Defining Learners by the Answers They Need, Not the Questions They Ask

By Tim Peck, MD

Digital medical education is at an important moment in its development, and its potential for positive influence is unprecedented. To date, no system exists that provides expedient production and delivery of medical education content without compromising trust and accuracy. The academic community trusts traditional journals, because articles undergo a rigorous and lengthy peer-review process before publication; however, the landscape of medical knowledge shifts daily, and digitally published education materials keep abreast of developments in medical education at a speed that traditionally peer-reviewed sources can’t match. The downside of forgoing the peer-review process, of course, is that the academic community is currently unable to determine which digital education sources provide reputable information. We must reconcile quality with speed if we hope to leverage electronic medical information and provide trusted, accurate content.

Three years ago, I set out to find a way to reconcile this dilemma. I aimed to create a web-based system that would pressure digital resources to adhere to higher standards of validity and academic rigor. Faced with a large and intricate problem, I started small and partnered with a co-resident to create a social media website that recommended quality materials to emergency medicine physicians. The platform we created was too small, however, and the site never became popular.

Motivated by that experiment, I reevaluated my methodology. I realized that to do this correctly, I would need to enlist the help of people whose skills would complement my own. I needed skilled computer programmers, lawyers, researchers, web designers, and funding—in short, I needed a company. I knew nothing about entrepreneurship and started by sharing and blogging my ideas. I attended lectures at the Harvard i-Lab and sought out mentors with experience in educational technology universities across the world; fortunately, they understood the power of my vision and encouraged me not to give up.

After I spoke at a symposium for medical students across the Northeast, a talented Boston University MD/MBA student named Lonnie Kurlander approached me with ideas and visions that overlapped with my own. With a team of programmers, she had been trying to create an electronic platform to share medical knowledge. We became partners and over the next year, we recruited team members including Glenn Willen, an ex-Google programmer, and Celina Ansari, MD, a postdoc at Stanford’s Department of Radiology. We registered ourselves as an educational technology startup called Parzival, Inc. We created an electronic platform called iClickEM.com, which is powered by a machine-learning algorithm to automatically aggregate emergency medicine-relevant digital materials and then intelligently and appropriately curate them based on human interaction with the site.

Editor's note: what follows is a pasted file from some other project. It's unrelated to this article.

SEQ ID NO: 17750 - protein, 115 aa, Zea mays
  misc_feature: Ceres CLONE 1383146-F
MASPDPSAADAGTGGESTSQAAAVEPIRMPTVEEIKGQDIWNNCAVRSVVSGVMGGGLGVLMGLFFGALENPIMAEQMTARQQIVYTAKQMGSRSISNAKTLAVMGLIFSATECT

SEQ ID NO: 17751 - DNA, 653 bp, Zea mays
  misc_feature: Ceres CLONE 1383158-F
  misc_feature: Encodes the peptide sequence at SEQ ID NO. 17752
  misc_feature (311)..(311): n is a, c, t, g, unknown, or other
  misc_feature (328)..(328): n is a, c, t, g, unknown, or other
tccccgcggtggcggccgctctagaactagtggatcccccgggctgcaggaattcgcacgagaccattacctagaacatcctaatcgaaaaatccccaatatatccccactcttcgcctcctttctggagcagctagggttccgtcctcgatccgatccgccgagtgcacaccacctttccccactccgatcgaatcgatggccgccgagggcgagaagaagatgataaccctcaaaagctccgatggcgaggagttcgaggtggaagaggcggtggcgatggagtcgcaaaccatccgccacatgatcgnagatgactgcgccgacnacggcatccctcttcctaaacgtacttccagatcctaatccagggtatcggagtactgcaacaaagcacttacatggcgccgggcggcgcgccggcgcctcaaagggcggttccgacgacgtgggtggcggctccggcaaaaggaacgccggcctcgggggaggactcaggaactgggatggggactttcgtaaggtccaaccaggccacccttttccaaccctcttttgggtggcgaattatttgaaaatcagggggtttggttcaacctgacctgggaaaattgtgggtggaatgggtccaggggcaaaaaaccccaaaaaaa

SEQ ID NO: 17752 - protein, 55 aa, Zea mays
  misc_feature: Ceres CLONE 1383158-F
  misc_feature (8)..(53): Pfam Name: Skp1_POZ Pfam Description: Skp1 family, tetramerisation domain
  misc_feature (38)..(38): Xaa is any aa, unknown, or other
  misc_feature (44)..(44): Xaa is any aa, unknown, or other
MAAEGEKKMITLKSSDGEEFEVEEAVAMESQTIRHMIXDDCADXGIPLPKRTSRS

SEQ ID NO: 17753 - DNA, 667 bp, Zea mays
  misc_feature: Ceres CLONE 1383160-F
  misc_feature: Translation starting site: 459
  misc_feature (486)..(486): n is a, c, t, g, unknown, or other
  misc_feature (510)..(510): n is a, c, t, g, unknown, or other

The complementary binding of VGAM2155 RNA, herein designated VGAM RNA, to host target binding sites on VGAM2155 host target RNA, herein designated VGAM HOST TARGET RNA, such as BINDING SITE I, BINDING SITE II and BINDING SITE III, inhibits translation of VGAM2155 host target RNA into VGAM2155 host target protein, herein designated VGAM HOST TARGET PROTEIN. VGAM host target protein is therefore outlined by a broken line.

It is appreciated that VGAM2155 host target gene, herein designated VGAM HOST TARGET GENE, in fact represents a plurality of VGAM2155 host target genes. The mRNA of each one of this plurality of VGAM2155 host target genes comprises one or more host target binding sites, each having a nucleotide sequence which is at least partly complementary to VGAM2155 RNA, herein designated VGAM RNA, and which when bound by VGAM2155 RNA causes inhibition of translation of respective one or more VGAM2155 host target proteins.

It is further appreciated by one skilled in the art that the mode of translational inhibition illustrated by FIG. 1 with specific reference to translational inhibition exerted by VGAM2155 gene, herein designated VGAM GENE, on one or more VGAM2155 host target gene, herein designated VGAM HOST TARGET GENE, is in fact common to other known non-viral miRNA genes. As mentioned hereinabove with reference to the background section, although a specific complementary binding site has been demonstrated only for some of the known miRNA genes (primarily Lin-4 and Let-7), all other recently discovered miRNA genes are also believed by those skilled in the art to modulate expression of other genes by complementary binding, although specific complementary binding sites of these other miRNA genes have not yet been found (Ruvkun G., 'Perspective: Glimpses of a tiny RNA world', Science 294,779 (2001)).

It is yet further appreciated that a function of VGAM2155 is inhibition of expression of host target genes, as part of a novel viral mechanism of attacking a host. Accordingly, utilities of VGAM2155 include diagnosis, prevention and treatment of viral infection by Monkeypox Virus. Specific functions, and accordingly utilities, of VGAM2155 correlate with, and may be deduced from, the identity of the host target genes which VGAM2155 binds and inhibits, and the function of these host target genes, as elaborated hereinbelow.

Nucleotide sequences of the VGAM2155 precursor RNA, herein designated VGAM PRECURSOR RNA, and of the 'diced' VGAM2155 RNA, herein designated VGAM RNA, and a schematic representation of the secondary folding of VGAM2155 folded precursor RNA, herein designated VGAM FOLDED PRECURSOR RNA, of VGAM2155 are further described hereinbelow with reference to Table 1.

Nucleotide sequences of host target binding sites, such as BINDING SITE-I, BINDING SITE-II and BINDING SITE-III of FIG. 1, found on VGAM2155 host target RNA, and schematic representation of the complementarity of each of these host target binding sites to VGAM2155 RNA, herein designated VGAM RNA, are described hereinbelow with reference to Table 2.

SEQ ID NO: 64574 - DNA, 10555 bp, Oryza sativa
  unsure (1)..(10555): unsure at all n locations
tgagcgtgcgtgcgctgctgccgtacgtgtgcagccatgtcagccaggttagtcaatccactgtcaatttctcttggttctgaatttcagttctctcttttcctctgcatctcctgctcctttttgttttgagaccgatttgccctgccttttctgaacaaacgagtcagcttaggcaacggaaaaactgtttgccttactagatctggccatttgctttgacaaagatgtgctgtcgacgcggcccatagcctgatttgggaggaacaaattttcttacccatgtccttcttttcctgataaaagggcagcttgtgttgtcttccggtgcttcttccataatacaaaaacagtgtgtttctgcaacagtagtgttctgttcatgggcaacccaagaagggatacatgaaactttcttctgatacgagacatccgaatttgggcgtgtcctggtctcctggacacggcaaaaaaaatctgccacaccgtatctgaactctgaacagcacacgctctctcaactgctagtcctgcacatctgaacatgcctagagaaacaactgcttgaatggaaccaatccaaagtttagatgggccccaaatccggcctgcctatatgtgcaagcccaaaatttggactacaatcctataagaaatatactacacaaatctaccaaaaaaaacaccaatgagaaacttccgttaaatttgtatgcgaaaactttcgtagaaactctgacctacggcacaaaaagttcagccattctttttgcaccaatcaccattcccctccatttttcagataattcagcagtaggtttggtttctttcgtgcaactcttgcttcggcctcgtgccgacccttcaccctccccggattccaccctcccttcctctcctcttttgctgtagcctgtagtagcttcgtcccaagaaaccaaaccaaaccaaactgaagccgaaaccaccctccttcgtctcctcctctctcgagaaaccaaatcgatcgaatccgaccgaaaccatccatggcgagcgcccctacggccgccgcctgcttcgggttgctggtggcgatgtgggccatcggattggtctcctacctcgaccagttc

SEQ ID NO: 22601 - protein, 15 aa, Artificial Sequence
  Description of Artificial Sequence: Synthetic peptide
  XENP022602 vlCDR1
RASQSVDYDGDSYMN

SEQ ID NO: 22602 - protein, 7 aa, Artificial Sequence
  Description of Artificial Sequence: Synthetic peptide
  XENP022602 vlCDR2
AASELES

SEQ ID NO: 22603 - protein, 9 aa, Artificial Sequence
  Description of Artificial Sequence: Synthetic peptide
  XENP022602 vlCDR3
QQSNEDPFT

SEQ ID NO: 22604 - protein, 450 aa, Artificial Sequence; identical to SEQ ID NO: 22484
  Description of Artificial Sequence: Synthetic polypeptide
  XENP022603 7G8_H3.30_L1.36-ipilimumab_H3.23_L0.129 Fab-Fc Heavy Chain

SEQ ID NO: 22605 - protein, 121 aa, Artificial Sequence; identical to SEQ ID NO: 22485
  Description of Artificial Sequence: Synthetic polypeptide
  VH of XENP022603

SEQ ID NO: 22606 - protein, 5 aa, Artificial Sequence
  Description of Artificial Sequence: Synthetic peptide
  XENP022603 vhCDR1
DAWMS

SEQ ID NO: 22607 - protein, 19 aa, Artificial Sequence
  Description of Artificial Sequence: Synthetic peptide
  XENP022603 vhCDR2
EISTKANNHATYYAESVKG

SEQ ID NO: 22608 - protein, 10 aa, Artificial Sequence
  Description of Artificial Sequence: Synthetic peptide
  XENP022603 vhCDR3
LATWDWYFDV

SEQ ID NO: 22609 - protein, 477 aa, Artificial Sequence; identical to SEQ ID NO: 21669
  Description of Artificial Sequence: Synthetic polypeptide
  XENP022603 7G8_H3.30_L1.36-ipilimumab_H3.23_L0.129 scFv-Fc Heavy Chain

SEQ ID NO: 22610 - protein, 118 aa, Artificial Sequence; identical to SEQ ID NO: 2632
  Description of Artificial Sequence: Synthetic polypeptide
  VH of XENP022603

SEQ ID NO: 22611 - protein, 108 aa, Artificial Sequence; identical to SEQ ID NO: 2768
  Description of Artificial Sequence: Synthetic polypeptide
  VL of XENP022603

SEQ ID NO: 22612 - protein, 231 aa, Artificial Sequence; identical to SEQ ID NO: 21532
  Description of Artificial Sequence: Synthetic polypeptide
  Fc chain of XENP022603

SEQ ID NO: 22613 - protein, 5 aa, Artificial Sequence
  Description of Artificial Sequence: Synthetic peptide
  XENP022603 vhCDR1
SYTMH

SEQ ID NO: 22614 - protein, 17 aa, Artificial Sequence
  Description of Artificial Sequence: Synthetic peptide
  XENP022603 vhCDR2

The site is based on my theory that to bring the greatest benefit to a group of learners, in this case Emergency Medicine physicians, that group of learners must be defined by the answers they need, not by the questions they ask. By limiting the information that can be searched to information that is relevant to Emergency Medicine physicians only, we created a platform that can identify what resources are most useful to this group. On December 9, 2013, we released the site for closed beta testing and have started to amass data on how Emergency Medicine physicians are interacting with the resources that benefit them and only them.

iClickEM aims to fill a real need for an entire community; however, it is only the first step toward understanding how we can harness the power of the Internet to improve how we will learn medicine in the future. A vacuum currently exists within academia: Medical knowledge will be transmitted and shared through education technology, but medical academia does not have the knowledge, resources, tools, or personnel to create this educational technology for itself. Until it does, this process will be driven largely by private enterprise. This creates a real and tangible need for leadership and new initiatives to bring together the two seemingly disparate worlds of private and public medical education.

Parzival, formed by Lonnie Kurlander, Timothy Peck MD, Celina Ansari MD, and Glenn Willen, is currently developing specialty-specific search engines for every field of medicine. Registration is open for the waiting list to each beta program, including iClickEM at www.parziv.al. Follow us on Twitter @ParzivalInc, @TimothyCPeckMD, or on Parzival’s Facebook page. You may contact the author at tim@iclickem.com.

This entry was posted in Health Information Technology, Medical Education, Technology. Bookmark the permalink.

One Response to Defining Learners by the Answers They Need, Not the Questions They Ask

  1. The future is now. Real time peer review is possible. Trust and Verify.

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